Top 10 Leatherworking Tools for Beginners
With so many options for tools and brands, it can be difficult to figure out what you need to get started in leatherwork. Here at Sailrite, we want to equip you with what you need to sew your leather projects. We've compiled a list of our 10 favorite tools for the beginning leatherworker. With these tools, you’ll have what you need to start crafting your own leather goods with a professional finish.
For most leatherworkers, knife choice is a matter of personal preference. There are specialized knives that are good for one or two applications, and it's possible to accumulate a collection of knives for specific tasks. But whether you’re cutting or skiving, a flat-edged skiving knife can do it all. This knife can even cut around curves despite its straight edge. Just go slow and make small, straight cuts along the curve. This knife is also great for skiving leather edges to a fine, thin thickness when used in a downward motion.
Proper knife maintenance is a necessary leatherworking skill. A leather strop and stropping compounds are a must for every leatherworker's workshop. Dull knives are not only dangerous; they're difficult to use and they create ragged, sloppy cuts. As you use a knife, the cutting edge accumulates debris, scratches and gets generally worn. Stropping your knives and cutting tools before use will ensure a sharp, clean blade for precise cuts. The fine abrasives in stropping compounds will smooth out any imperfections in the blade as well as polish and clean the cutting edge.
An awl is an incredibly versatile tool you'll find yourself reaching for again and again. A scratch awl is perfect for tracing patterns on leather. You can also use it with a straightedge to mark your stitch lines and seam allowances, or score lines for decorative stitching. Awls should not be used to make holes in leather, though they can be used to reopen holes while hand stitching.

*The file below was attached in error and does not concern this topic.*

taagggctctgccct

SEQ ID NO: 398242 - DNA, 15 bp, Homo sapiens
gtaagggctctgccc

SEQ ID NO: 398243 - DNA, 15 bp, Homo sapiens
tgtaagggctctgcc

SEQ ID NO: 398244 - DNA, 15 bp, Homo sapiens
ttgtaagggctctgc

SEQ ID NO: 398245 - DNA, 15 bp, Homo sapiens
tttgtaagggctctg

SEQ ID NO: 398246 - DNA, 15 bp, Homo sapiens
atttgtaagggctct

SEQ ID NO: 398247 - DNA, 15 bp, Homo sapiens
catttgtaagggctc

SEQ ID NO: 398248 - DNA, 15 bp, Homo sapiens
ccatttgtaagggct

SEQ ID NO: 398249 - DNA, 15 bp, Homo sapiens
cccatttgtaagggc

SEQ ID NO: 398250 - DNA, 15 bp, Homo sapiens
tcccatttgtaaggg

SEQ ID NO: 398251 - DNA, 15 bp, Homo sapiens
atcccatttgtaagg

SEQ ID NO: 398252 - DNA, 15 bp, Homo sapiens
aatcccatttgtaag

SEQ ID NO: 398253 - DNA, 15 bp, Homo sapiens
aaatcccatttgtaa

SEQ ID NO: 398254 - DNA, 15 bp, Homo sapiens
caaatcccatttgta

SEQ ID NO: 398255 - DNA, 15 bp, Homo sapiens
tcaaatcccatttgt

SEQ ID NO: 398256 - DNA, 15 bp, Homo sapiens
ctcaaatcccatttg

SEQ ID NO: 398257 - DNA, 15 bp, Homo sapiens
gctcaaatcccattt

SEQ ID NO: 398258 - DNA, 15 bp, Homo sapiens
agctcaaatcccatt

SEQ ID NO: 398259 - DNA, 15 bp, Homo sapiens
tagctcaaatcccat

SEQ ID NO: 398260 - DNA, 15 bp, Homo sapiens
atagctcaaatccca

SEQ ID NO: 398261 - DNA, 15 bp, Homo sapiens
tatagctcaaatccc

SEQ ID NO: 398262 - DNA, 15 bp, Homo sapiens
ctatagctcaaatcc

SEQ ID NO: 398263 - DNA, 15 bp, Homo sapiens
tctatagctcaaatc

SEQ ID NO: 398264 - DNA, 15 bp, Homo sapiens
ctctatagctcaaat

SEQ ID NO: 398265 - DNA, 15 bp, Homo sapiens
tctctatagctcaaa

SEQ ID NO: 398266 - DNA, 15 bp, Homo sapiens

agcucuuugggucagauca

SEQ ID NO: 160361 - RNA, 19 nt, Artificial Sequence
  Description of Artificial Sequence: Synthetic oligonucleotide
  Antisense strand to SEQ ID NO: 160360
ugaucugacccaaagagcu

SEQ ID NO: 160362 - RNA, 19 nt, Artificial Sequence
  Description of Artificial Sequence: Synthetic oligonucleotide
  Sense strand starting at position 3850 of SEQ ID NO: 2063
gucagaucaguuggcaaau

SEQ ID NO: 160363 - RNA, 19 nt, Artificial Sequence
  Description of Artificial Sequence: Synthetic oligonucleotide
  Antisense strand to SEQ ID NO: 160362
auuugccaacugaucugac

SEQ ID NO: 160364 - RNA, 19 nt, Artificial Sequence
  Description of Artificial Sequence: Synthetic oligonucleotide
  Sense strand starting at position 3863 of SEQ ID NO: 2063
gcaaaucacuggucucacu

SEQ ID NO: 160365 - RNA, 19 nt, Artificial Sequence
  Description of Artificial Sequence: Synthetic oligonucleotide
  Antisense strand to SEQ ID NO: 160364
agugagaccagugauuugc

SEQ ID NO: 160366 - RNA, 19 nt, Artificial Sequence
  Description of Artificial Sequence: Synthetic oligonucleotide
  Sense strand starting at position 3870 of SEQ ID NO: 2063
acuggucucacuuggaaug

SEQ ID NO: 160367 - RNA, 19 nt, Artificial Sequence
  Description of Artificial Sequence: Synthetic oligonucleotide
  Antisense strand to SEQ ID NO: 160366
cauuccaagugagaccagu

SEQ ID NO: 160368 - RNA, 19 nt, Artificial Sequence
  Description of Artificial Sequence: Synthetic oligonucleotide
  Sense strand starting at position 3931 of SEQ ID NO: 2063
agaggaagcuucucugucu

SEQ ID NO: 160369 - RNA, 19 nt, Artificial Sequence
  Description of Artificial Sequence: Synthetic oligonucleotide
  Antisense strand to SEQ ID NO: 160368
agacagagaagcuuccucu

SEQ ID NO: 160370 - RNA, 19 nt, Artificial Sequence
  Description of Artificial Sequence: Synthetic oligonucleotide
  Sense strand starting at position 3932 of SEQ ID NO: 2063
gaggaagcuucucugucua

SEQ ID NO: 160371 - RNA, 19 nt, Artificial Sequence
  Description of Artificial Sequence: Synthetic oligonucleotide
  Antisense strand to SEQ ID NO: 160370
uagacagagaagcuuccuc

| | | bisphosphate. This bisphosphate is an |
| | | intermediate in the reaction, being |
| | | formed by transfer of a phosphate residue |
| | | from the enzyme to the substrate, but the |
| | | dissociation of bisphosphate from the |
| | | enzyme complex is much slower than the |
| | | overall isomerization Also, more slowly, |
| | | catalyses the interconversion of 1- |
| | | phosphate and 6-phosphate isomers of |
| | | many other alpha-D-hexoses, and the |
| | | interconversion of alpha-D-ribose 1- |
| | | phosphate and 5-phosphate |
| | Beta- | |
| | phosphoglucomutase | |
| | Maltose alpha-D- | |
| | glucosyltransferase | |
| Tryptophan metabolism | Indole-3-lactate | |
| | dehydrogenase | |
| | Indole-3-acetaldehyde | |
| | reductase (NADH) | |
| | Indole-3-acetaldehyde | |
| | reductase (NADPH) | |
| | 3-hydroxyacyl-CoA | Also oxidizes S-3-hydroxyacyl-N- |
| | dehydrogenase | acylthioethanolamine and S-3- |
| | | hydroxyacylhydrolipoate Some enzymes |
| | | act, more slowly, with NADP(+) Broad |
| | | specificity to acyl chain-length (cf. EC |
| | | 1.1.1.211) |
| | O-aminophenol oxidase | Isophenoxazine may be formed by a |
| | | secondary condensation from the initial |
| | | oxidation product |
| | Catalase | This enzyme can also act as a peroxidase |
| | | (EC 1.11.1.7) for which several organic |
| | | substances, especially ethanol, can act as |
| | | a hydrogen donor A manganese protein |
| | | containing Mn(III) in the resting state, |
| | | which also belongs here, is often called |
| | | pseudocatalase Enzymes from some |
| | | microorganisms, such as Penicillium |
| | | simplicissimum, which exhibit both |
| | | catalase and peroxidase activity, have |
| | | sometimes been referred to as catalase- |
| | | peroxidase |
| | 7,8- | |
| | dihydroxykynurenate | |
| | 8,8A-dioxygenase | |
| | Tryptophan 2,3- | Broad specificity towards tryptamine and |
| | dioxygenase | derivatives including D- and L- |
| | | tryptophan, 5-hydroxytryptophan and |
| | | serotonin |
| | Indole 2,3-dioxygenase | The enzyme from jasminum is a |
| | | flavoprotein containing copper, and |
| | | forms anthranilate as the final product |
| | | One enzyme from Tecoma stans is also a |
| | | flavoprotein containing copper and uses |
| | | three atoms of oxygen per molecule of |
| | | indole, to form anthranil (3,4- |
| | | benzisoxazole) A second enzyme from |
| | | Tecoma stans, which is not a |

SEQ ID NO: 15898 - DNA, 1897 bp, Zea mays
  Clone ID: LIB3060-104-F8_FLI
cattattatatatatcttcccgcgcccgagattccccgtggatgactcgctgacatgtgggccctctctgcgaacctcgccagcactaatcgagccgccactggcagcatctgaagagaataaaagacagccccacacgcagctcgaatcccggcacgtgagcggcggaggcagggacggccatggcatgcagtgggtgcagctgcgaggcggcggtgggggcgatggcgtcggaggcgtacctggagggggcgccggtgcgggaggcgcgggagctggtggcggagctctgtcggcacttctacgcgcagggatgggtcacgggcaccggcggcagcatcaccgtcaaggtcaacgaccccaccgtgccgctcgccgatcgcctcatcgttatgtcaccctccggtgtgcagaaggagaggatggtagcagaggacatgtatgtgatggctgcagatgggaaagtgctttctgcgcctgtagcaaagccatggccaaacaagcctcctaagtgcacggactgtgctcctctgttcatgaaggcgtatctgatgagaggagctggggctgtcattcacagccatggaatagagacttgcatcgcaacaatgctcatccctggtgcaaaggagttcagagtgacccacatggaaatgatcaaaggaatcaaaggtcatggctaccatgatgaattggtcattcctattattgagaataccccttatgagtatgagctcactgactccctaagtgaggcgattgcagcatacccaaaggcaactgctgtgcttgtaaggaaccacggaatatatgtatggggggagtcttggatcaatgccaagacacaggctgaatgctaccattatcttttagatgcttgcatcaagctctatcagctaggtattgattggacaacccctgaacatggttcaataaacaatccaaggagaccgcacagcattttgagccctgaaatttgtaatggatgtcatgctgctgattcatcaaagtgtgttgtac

An edge beveler is an important part of finishing leather goods. Beveling takes off sharp edges and rounds the leather. This is both aesthetic — it looks nice — and functional — it makes burnishing easier. You can buy bevelers in a variety of widths (for working with different leather weights) and blade shapes (for different beveling angles). French, bissonnette, grooved and sharp curve edgers all serve different applications, but the most widely used and general-purpose edge beveler is a common edger. Sailrite's 5-in-1 Beveler Set (#123299) saves you the hassle of having five separate tools. The interchangeable common edger tips include 1/16-, 3/32-, 1/8-, 5/32- and 3/16-inch widths, which will fit nearly all your beveling needs.
Edge bevelers and leather burnishers or slickers are a one-two combo when it comes to finishing leather edges. Burnishing is the process of smoothing and sealing cut (or beveled) leather edges. Usually, leather burnishers are grooved, wooden tools that use some form of lubrication (water, wax or gum tragacanth) and friction to create a glossy and smooth edge. The notches on a burnisher are designed to accommodate varying weights of leather. The pointed end is a multipurpose tool in and of itself; you can burnish and smooth the grain of surfaces, set creases or folds, and run it along glue lines to promote adhesion.
Whether hand sewing or machine sewing, a stitch groover is a helpful tool to have on your workbench. This tool will cut a groove in your leather at an adjustable distance from the edge, which allows you to sink your stitches below the surface of the leather to prevent thread abrasion and snags.